The Introduction investigates the origin of Romanian language from a new perspective. Due to the fact that most (86%) of the Romanian lexicon cannot be explained through Latin and it has no cognates in other Romance language, a new method of investigation was developed. From the other 14%, 2/3 belong to a common Indo-European heritage. Thus the Introduction (and the dictionary) shows that most of the Romanian lexicon originates from Thraco-Dacian, a language widely spoken in Balkan region and central and eastern Europe in ancient times. It compares the Romanian lexicon with other Indo-European languages and presents into details the phonological evolution of sounds from Proto-Indo-European to Romanian. The method works very well and solves the etymology of thousands of Romanian words left with unknown, uncertain or wrongly attributed etymology as discussed in the new Etymological Dictionary of Romanian. As a result one may say that Romanian is not a real Romance language as it was believed, but the daughter language of Thraco-Dacian with some Latin, Slavic or other lexical borrowings. The paper also reveals that Thraco-Dacian (and Illyrian) were closely related to Celtic and Italic languages and by analyzing the Romanian lexicon of Thraco-Dacian origin, it shows also that this language was a centum language, contrary to the general belief that it was a satem lanaguage. A beginnig of Romanization may have taken place, but not a Romanization proper. This hypothesis is supported by both linguistic and historical facts investigated in this paper.
The musicological byzantine literature of the nineteenth century is full of creative personalities who, revaluating the structures canonically established through the Chrisantic reform, became visible in the world of Psalter through the creative refinement and the special capacity of infinite variation of the rhetorical models adopted by the Orthodox Church.
The study of children’s games and toys by the Romanian researchers gained momentum in the second half of the 19th century with the studies of Petre Ispirescu and Alexandru Lambrior, followed by George Ion Pitio, Ion Muolea, Ovidiu Bârlea and Narcisa atiucã. They pleaded with convincing arguments for the idea that the game and toys are a materialization of the surrounding reality. In their games, children draw on everything that surrounds them; they copy their parents’ life and build “a miniature universe” of their own after the model of the adults’ world.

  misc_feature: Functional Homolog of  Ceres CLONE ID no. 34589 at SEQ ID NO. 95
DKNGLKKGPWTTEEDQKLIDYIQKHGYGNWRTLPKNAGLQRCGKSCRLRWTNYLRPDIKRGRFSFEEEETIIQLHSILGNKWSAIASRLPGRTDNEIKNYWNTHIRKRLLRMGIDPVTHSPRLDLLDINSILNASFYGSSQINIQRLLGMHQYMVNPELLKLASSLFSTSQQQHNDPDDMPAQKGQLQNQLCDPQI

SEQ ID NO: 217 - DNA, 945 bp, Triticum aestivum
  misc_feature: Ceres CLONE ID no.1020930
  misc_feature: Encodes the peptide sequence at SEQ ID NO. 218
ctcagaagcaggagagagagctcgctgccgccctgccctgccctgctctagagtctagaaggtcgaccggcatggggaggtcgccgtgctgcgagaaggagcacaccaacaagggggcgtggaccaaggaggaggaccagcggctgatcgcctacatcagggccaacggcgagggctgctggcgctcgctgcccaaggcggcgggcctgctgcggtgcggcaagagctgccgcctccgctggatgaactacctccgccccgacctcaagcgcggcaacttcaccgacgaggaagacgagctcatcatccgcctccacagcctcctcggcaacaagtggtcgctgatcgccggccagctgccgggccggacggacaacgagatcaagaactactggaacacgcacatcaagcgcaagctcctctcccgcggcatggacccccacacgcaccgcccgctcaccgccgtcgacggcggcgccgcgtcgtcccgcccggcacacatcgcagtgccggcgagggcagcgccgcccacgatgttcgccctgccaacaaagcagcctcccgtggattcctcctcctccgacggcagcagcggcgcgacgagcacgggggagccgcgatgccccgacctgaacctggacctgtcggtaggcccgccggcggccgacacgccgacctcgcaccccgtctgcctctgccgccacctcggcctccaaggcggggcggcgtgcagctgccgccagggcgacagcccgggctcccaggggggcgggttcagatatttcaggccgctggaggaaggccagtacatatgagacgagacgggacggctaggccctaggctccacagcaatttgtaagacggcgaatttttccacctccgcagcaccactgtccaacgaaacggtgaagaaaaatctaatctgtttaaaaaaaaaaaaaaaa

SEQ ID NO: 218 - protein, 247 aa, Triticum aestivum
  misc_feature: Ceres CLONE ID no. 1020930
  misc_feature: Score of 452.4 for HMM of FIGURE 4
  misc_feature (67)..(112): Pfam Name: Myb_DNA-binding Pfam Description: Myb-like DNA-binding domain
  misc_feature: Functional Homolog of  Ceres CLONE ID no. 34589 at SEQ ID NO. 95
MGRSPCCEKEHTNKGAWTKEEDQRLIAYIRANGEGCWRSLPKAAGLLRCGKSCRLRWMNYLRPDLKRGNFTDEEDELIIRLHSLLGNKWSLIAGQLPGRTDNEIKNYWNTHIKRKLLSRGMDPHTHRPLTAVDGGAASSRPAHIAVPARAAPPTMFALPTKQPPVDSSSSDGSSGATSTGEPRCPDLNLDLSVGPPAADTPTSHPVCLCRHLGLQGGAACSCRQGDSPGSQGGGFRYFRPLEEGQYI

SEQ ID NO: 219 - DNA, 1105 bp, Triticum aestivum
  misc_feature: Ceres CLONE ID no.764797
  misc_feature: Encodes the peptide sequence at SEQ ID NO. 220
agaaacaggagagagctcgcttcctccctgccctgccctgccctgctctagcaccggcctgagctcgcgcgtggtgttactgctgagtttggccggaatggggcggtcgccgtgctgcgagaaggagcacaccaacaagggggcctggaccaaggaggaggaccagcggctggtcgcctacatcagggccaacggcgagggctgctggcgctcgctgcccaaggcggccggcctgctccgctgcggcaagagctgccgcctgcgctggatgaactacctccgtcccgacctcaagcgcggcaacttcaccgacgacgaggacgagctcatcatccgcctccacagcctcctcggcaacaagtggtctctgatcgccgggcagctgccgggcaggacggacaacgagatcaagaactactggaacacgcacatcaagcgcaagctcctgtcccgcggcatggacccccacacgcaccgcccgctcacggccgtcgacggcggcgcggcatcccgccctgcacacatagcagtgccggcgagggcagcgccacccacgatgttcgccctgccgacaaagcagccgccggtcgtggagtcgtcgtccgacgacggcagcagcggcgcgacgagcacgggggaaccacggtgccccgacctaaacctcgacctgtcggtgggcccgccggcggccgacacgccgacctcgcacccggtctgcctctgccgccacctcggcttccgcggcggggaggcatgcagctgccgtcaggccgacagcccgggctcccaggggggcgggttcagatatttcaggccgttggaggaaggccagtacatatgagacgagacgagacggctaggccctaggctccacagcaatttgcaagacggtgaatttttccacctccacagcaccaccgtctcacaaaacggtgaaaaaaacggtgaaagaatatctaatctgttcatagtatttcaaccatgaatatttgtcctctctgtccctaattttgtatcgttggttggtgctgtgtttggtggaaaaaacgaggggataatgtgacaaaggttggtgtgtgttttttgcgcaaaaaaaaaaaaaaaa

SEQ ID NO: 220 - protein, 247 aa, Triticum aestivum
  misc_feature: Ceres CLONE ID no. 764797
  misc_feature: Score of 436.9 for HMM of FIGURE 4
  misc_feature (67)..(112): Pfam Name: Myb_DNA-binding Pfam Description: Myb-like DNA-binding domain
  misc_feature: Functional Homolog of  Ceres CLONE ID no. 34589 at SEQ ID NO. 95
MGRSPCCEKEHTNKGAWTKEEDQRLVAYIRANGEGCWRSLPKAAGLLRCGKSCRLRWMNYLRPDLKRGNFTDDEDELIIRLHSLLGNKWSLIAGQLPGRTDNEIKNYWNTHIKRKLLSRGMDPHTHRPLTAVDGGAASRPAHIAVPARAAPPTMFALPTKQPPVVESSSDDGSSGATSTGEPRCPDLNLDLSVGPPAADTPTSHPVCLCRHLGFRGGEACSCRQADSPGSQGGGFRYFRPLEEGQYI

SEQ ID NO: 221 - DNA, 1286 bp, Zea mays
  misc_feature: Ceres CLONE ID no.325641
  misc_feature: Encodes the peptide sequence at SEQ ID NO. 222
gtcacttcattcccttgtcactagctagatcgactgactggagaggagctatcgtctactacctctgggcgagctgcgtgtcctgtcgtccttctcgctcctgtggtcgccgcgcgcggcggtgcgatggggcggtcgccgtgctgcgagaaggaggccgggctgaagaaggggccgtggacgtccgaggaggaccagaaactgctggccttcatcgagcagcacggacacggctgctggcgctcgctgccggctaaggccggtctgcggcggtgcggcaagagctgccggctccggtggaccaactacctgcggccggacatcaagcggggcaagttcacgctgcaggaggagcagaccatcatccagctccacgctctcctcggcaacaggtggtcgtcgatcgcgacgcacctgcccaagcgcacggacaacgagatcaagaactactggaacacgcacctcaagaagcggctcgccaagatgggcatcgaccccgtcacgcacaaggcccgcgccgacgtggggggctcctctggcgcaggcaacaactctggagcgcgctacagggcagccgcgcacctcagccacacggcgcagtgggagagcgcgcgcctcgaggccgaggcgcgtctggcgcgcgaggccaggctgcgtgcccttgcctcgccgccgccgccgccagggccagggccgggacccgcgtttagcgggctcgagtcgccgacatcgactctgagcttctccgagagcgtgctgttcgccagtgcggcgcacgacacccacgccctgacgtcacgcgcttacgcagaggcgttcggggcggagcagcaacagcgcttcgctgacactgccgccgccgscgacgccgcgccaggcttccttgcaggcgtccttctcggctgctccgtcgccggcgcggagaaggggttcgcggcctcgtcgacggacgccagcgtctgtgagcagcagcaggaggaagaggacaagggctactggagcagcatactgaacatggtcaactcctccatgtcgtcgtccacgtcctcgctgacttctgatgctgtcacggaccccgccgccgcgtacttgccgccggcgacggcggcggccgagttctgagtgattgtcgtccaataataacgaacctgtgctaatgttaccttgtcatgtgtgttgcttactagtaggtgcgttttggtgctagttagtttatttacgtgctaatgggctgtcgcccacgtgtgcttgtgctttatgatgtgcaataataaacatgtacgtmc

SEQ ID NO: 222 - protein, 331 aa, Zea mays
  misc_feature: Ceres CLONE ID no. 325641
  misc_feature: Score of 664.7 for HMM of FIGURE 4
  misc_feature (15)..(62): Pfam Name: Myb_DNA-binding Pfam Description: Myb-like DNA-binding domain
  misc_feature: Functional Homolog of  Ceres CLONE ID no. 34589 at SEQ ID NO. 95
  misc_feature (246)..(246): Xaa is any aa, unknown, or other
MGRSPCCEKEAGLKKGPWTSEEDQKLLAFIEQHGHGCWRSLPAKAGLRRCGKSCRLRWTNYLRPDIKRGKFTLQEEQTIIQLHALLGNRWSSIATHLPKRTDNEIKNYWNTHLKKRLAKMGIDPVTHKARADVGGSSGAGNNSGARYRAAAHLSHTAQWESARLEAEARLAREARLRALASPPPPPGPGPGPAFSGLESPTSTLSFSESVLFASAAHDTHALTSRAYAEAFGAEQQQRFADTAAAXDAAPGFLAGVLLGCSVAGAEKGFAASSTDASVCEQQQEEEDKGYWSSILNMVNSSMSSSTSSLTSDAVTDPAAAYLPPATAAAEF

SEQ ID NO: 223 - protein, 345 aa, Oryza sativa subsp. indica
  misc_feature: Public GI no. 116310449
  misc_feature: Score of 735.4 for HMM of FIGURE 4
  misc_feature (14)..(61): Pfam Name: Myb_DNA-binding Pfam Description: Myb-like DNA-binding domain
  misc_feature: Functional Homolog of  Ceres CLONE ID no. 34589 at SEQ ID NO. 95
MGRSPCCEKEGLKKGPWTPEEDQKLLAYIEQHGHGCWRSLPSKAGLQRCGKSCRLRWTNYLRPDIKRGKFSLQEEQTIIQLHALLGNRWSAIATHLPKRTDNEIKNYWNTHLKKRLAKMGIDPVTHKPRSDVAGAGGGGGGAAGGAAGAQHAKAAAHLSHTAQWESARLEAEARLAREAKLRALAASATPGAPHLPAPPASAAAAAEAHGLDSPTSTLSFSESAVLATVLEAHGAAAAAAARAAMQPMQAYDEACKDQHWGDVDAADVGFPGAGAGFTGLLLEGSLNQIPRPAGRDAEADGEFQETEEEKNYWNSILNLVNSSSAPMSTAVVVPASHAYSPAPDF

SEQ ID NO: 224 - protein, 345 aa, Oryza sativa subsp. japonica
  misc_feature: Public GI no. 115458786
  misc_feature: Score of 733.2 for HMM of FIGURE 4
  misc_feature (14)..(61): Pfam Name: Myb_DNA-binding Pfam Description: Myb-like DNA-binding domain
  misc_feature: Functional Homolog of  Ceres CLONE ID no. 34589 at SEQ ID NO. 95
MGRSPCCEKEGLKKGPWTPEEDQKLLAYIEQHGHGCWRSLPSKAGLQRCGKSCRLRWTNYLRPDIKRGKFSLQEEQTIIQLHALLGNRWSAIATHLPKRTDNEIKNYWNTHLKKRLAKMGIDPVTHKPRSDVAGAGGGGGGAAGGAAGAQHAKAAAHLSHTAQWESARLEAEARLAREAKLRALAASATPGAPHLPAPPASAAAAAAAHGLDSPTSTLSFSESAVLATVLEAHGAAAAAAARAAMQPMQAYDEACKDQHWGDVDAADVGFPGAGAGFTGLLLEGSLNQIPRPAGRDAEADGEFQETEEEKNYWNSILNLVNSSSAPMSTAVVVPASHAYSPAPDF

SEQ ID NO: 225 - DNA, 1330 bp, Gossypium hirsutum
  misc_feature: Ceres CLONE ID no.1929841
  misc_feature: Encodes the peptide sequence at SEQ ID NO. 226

This paper discusses the etymology of the Romanian concept mântui ‘redeem’ considered a Hungarian loan. By comparing the explanation from Hungarian etymological dictionary and Hungarian religious documents employing the concept of Mântuitor the Redeemer, new options are observed particularly in the light of the more recent Indo-European language studies, giving leeway to other possible etymological solutions.
The Turkish language (called also Ottoman or Osmanli) has had, during almost five centuries, a considerable influence on Romanian, from the end of the 14th to the middle of the 19th century, and having some local, dialectal extensions in Dobrudja until nowadays. The Turkish linguistic influence on Romanian was the result of a historical context in which the Ottoman Empire extended its domination and suzerainty on the Romanian Principalities, and exercised a longstanding influence on their social, administrative and economic life until the second half of the 19th century. The Turkish linguistic influence on Romanian was the result of a historical context in which the Ottoman Empire extended its domination and suzerainty on the Romanian Principalities, and exercised a longstanding influence on their social, administrative and economic life until the second half of the 19th century.
The goal of this journal is to address a number of little known aspects regarding the Romanian spirituality, language and culture. The linguistics articles will be presented from a new perspective, since the author along these lines proved that Romanian is not a real Romance language. Also archaeology, genetics and cultural anthropology will play a major role. The journal was created to inform the Romanians, as well as the foreign researchers (linguists, archaeologists and anthropologists) interested to learn more about Romanian language and culture. The journal is bi-lingual with articles in Romanian and English. The articles in English are mostly [...]